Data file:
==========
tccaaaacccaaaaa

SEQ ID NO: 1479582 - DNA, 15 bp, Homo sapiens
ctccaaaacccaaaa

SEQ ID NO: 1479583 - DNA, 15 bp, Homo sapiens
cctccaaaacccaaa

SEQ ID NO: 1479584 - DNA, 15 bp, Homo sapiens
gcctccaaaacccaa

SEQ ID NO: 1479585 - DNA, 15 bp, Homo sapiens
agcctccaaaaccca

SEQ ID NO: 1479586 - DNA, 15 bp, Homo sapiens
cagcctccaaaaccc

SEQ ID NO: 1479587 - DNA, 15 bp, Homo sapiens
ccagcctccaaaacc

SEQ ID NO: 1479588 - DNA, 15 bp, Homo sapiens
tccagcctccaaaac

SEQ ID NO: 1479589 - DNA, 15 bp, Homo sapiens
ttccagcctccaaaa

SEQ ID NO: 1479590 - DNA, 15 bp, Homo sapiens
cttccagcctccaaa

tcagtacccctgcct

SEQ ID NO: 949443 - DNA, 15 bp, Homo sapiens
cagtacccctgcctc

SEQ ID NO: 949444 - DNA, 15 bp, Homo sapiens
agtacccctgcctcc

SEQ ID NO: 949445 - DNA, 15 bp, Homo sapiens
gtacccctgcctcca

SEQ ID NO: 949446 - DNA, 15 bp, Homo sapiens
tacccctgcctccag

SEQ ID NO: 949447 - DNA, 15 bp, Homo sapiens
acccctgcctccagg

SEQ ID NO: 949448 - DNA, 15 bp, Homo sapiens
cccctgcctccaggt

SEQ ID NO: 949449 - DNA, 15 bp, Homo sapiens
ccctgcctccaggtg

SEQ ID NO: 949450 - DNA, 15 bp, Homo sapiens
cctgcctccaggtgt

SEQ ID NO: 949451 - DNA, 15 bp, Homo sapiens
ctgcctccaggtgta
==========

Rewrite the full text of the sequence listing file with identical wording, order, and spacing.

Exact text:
tccaaaacccaaaaa

SEQ ID NO: 1479582 - DNA, 15 bp, Homo sapiens
ctccaaaacccaaaa

SEQ ID NO: 1479583 - DNA, 15 bp, Homo sapiens
cctccaaaacccaaa

SEQ ID NO: 1479584 - DNA, 15 bp, Homo sapiens
gcctccaaaacccaa

SEQ ID NO: 1479585 - DNA, 15 bp, Homo sapiens
agcctccaaaaccca

SEQ ID NO: 1479586 - DNA, 15 bp, Homo sapiens
cagcctccaaaaccc

SEQ ID NO: 1479587 - DNA, 15 bp, Homo sapiens
ccagcctccaaaacc

SEQ ID NO: 1479588 - DNA, 15 bp, Homo sapiens
tccagcctccaaaac

SEQ ID NO: 1479589 - DNA, 15 bp, Homo sapiens
ttccagcctccaaaa

SEQ ID NO: 1479590 - DNA, 15 bp, Homo sapiens
cttccagcctccaaa

tcagtacccctgcct

SEQ ID NO: 949443 - DNA, 15 bp, Homo sapiens
cagtacccctgcctc

SEQ ID NO: 949444 - DNA, 15 bp, Homo sapiens
agtacccctgcctcc

SEQ ID NO: 949445 - DNA, 15 bp, Homo sapiens
gtacccctgcctcca

SEQ ID NO: 949446 - DNA, 15 bp, Homo sapiens
tacccctgcctccag

SEQ ID NO: 949447 - DNA, 15 bp, Homo sapiens
acccctgcctccagg

SEQ ID NO: 949448 - DNA, 15 bp, Homo sapiens
cccctgcctccaggt

SEQ ID NO: 949449 - DNA, 15 bp, Homo sapiens
ccctgcctccaggtg

SEQ ID NO: 949450 - DNA, 15 bp, Homo sapiens
cctgcctccaggtgt

SEQ ID NO: 949451 - DNA, 15 bp, Homo sapiens
ctgcctccaggtgta